Determination of synthetic drugs as adulterant in herbal anti-diabetic medicines by HPLC
AuthorChowdhury, Anika Tasnim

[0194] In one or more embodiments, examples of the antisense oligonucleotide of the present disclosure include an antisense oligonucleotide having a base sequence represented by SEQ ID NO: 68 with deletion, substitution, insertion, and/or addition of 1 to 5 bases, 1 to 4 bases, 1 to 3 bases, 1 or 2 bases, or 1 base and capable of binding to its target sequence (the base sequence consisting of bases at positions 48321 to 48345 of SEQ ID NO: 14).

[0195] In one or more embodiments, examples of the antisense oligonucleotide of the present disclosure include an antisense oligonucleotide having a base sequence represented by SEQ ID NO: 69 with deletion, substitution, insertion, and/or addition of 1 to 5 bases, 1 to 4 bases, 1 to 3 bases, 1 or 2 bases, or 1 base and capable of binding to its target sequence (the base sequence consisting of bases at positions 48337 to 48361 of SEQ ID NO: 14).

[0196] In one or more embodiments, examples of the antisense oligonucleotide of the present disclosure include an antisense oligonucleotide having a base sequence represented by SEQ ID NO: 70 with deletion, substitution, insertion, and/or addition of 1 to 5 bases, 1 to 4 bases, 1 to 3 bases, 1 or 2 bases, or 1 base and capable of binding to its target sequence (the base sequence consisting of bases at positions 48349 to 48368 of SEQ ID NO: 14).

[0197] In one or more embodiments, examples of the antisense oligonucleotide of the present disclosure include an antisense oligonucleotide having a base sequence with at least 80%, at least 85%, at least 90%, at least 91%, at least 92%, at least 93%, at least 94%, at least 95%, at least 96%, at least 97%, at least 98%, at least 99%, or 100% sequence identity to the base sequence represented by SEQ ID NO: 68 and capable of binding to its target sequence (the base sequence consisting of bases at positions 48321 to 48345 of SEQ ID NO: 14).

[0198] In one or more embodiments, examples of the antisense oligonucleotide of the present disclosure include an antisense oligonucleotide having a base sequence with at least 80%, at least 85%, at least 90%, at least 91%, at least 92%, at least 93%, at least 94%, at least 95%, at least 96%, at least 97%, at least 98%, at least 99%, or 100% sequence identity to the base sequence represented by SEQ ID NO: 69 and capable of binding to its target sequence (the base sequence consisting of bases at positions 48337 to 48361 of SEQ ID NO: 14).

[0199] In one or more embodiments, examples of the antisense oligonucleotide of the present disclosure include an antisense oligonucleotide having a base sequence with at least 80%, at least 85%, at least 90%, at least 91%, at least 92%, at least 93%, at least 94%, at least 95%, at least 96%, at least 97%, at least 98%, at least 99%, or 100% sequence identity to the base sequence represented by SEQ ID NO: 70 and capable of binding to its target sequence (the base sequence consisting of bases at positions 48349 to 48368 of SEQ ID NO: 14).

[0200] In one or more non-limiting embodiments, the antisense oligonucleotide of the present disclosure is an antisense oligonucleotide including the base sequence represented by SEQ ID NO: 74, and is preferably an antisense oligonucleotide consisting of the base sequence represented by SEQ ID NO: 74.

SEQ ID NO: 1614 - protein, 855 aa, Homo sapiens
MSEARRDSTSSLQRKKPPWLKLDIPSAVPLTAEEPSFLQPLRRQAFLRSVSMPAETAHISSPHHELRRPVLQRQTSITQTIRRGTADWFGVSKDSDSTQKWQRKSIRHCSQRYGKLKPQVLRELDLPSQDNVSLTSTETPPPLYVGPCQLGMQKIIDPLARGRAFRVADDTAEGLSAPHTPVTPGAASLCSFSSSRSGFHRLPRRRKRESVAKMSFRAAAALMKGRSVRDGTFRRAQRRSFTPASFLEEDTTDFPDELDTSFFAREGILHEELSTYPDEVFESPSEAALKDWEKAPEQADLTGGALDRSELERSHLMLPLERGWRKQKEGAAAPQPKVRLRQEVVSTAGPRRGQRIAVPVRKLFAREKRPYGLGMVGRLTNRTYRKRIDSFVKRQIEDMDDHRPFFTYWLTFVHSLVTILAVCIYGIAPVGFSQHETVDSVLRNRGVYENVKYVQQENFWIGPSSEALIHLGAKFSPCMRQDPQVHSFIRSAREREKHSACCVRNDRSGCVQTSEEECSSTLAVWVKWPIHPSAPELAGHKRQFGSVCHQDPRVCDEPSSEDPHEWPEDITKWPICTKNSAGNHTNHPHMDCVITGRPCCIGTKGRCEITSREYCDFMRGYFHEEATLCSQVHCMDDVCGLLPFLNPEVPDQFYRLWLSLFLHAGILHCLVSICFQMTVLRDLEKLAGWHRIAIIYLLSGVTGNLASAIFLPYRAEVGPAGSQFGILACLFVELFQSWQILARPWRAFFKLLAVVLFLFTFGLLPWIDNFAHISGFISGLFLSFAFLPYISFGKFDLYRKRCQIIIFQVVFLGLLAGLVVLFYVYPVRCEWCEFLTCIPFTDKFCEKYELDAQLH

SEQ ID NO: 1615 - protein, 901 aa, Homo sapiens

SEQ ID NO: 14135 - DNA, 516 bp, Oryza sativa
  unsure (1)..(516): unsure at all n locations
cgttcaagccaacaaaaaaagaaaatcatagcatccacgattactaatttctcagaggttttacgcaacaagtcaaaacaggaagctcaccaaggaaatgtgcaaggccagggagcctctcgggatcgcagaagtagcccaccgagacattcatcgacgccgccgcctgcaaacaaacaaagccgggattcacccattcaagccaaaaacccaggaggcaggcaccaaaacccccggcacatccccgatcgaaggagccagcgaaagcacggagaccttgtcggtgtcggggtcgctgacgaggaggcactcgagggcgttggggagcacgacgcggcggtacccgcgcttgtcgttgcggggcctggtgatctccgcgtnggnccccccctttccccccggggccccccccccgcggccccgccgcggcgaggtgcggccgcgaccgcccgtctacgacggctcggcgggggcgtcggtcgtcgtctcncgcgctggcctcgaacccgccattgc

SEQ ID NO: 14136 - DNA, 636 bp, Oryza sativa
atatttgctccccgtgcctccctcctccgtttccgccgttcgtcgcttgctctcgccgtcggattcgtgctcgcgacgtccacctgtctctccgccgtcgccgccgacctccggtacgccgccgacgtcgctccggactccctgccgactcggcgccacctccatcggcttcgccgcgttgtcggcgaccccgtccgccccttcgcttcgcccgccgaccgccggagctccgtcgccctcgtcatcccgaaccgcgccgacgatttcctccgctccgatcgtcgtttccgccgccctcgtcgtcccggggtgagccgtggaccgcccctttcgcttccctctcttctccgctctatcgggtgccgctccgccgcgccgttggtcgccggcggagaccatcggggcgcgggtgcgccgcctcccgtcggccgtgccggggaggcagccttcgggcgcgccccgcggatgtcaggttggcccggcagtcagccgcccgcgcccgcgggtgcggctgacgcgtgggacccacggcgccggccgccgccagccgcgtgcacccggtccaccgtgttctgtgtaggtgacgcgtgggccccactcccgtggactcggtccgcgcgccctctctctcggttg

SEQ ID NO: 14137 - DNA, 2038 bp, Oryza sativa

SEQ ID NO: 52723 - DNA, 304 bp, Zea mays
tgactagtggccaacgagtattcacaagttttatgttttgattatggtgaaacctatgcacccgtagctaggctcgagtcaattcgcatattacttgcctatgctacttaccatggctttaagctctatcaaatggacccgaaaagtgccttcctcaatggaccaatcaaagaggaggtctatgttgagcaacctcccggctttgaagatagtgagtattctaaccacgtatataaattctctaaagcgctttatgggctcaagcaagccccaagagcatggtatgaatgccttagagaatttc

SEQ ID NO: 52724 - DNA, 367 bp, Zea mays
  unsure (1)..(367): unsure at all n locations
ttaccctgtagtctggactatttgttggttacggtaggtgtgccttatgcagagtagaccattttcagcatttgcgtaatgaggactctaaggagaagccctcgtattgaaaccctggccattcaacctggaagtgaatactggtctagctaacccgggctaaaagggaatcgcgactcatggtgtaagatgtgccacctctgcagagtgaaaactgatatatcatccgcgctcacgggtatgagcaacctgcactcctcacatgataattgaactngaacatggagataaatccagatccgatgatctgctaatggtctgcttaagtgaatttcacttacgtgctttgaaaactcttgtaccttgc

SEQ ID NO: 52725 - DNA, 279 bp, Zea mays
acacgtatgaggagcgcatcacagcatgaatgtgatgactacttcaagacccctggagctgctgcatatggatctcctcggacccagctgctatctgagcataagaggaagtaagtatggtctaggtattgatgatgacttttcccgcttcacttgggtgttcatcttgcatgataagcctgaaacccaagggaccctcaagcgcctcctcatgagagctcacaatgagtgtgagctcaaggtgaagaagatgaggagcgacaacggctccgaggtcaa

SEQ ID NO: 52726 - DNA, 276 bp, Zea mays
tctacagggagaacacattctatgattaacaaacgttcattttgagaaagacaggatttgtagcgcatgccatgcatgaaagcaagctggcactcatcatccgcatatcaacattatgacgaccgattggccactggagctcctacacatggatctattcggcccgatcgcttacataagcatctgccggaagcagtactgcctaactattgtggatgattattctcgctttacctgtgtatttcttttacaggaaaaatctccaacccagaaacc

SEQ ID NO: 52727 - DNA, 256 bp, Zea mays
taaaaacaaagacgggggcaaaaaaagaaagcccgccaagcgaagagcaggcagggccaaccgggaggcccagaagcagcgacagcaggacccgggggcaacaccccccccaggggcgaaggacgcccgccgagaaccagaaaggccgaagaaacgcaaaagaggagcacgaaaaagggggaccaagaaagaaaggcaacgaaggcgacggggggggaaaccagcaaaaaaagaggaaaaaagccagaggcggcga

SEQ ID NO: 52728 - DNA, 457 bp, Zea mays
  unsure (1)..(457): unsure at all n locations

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Herbal medicines are increasingly being used in both preventative and treatment-based medicines and tonics because consumers perceive herbal drugs as “natural” safe, harmless and free from adverse side effects. However, adulteration of herbal drugs is very common nowadays and counterfeit drug manufacturers thrives success by exploiting the trust of the patients on herbal medicine. As diabetes is one major chronic disease, patients with diabetes comply with herbal medicines almost all the time for overall well-being and better control of the disease. This makes anti-diabetic herbal drugs an easy target for the counterfeiters. What patients fail to understand is, herbs are filled with numerous bioactive molecules which can interact with the prescription oral hypoglycemic drugs and can lead to serious adverse effects. Furthermore, diabetic patients require multiple drug therapy, which put them at risk of frequent drug interactions between the herbal drugs and the synthetic medicines. In the worst-case scenario, taking herbal drugs that are adulterated with synthetic oral hypoglycemics along with prescription oral hypoglyecmics can lead to overdose and acute hypoglycemia followed by death. Therefore, this experiment is aimed at determining the presence of synthetic oral hypoglycemics in herbal anti-diabetic formulations. Herbal anti-diabetic drugs available at the local market of Dhaka were collected as samples for the experiment. Metformin and Glimepiride were considered as reference standards for the experiment. Samples and standards were subjected to HPLC for analysis with acetonitrile: Phosphate buffer (pH 2.1) at a 70:30 ratio as the mobile phase. This mobile phase ratio provided effective elution of both of the standards at distant retention times, which helped with clear identification and identification of both of the standards. The devised method was also successful in clearly identifying and quantifying substances present at the samples (herbal anti-diabetic drugs). From 25 tested samples 16 samples confirmed the presence of adulterants which concluded that 64% of the samples were adulterated. This high rate of drug adulteration inside the capital gives an easy assumption of equal or higher rate of drug adulteration in the outskirt areas and these calls for more sensitive QC methods and stricter regulations to control such act.